The “JUST Act” Requires State Department to Report on Europe’s Progress
Washington, D.C., February 28, 2017 – The World Jewish Restitution Organization welcomed the introduction of bicameral, bipartisan legislation in the United States Congress requiring the State Department to report on the progress European countries are making on Holocaust-era property restitution.
The Justice for Uncompensated Survivors Today (JUST) Act, S. 447 and H.R. 1226, was introduced in the Senate by Sen. Tammy Baldwin (D-Wis.) and Sen. Marco Rubio (R-Fla.) and in the House of Representatives by Rep. Joseph Crowley (D-N.Y.) and Rep. Chris Smith (R-N.J.). The legislation calls for the State Department to monitor and annually report whether countries that endorsed the 2009 Terezin Declaration on Holocaust Era Assets and Related Issues are meeting their commitment to adopt national laws and policies to help Holocaust survivors identify and reclaim their properties.
WJRO worked closely with the lead House and Senate offices to reintroduce this legislation, which was first introduced in the last Congress in 2016.
“Shining a sustained light on this urgent issue will encourage countries to live up to their commitment under the Terezin Declaration to address the unjust theft and confiscation of Holocaust-era properties,” said Gideon Taylor, chair of operations for WJRO.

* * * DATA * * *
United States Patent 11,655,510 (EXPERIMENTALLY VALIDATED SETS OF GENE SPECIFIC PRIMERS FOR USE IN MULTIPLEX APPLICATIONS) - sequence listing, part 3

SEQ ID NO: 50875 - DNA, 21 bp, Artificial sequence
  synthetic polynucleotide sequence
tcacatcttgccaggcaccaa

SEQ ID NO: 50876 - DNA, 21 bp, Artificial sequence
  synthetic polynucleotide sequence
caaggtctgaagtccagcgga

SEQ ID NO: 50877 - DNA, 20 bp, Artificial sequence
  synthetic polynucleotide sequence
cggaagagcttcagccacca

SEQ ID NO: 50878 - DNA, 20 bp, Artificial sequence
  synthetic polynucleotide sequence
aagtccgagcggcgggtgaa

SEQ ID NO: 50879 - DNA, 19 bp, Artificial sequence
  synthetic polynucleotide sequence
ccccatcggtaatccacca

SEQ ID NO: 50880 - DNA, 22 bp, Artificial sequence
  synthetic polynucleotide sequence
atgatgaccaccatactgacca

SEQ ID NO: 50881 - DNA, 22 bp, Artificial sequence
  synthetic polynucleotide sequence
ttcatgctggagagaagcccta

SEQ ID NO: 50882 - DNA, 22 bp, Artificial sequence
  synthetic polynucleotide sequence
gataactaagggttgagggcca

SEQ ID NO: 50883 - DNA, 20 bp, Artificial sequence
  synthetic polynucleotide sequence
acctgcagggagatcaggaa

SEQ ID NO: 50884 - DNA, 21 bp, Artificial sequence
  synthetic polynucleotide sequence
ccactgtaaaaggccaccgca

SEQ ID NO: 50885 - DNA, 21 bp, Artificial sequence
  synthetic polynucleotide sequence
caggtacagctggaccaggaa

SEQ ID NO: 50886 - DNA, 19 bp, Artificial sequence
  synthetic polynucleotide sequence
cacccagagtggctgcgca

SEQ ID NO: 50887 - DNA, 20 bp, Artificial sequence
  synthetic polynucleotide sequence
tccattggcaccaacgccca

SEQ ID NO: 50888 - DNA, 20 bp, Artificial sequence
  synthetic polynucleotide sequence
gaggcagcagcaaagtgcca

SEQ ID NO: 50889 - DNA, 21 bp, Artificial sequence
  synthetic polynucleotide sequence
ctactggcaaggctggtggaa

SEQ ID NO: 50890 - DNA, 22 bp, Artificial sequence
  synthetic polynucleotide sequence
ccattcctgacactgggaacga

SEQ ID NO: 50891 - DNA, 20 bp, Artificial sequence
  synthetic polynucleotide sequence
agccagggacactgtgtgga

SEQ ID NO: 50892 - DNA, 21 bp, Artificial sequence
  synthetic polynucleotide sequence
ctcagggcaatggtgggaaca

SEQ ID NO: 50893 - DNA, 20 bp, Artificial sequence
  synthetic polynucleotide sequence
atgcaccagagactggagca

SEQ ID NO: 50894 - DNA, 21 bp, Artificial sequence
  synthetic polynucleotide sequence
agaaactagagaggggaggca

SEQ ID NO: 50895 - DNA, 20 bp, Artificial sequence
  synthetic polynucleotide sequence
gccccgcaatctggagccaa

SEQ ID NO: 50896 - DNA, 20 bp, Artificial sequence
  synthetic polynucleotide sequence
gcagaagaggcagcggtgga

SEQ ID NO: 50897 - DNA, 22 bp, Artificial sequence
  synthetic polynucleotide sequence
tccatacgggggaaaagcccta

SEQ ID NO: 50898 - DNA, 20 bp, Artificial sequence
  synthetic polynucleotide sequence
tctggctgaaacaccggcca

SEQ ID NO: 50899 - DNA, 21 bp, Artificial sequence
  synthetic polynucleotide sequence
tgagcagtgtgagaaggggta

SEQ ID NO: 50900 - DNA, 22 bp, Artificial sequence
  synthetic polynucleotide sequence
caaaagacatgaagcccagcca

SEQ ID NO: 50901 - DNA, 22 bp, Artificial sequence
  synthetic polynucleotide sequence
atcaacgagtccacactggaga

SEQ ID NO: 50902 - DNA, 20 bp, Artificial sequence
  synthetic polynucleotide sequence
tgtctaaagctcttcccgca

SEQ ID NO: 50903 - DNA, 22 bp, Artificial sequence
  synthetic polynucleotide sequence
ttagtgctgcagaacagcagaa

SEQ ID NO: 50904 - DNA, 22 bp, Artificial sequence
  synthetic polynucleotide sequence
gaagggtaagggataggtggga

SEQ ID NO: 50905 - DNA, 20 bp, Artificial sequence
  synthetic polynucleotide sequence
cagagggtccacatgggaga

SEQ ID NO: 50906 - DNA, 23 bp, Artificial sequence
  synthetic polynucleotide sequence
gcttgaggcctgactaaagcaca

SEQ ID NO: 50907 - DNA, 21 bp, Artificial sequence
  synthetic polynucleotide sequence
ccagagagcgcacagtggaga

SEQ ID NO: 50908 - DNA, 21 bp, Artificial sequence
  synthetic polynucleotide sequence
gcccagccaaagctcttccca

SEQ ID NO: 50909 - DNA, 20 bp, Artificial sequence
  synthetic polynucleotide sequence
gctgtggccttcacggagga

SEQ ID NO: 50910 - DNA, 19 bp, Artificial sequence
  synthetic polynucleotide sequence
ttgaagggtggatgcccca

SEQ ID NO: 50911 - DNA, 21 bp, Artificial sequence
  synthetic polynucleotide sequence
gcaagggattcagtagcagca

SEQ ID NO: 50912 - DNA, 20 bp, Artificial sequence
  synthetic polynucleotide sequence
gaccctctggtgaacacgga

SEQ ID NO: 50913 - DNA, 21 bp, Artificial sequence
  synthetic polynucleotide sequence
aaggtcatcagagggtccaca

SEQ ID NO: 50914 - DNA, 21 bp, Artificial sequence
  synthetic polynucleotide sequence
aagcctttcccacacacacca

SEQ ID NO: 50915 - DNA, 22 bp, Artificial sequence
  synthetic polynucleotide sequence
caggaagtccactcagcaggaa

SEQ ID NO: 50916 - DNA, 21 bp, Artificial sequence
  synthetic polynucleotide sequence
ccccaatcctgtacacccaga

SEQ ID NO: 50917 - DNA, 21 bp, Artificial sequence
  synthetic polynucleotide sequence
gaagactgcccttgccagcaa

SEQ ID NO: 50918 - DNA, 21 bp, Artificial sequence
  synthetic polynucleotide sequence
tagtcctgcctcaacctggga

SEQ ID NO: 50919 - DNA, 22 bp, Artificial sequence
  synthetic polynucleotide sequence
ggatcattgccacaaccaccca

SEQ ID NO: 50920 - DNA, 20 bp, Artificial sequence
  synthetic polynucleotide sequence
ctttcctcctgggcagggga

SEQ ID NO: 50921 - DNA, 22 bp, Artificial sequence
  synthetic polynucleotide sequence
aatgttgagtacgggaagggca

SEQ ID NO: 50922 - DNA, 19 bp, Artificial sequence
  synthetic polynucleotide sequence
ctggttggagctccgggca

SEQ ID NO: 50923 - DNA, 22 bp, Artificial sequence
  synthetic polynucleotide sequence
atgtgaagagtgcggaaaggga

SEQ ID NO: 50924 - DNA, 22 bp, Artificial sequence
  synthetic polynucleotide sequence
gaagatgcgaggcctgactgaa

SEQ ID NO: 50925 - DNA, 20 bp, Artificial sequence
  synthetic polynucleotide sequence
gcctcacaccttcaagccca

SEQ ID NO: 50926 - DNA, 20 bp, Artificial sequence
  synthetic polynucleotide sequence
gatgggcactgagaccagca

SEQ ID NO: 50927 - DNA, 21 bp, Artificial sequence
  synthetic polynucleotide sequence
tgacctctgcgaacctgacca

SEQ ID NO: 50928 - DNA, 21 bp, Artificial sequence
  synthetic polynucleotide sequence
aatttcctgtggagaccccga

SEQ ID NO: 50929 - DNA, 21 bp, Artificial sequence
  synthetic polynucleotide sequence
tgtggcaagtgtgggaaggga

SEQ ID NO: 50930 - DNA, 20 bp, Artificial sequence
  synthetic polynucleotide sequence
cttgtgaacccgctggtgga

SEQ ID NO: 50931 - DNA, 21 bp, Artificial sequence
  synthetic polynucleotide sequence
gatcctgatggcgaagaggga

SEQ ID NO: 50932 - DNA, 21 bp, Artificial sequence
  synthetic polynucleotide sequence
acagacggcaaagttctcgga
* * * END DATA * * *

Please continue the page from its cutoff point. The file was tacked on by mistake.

“We welcome this bipartisan legislation as it helps bring us a step closer to providing a measure of justice and compassion to Holocaust survivors and their heirs,” said Abraham Biderman, co-chairman of WJRO’s Executive Committee.
In 2009, 47 countries approved the Terezin Declaration that recognizes “the importance of restituting or compensating Holocaust-related confiscations made during the Holocaust era between 1933-45.” It also states “the importance of recovering communal and religious immovable property in reviving and enhancing Jewish life, ensuring its future, assisting the welfare needs of Holocaust (Shoah) survivors, and fostering the preservation of Jewish cultural heritage.”
Should the JUST Act become law, the U.S. State Department would be required to report annually on the status of restitution efforts by adding this reporting to either the Annual Country Report on Human Rights, the International Religious Freedom Report, or another appropriate report as determined by the Secretary of State.
The other original co-sponsors of this legislation in the Senate include Sen. Richard Blumenthal (D-Conn.), Sen. Dianne Feinstein (D-Calif.), Sen. Kirsten Gillibrand (D-N.Y.), Sen. Orrin Hatch (R-UT), Sen. Ron Johnson (R-Wis.), Sen. Edward Markey (D-Mass.), Sen. John McCain (R-Ariz.), Sen. Gary Peters (D-Mich.), Sen. Charles Schumer (D-N.Y.), Sen. John Thune (D-S.D.), and Sen. Elizabeth Warren (D-Mass).
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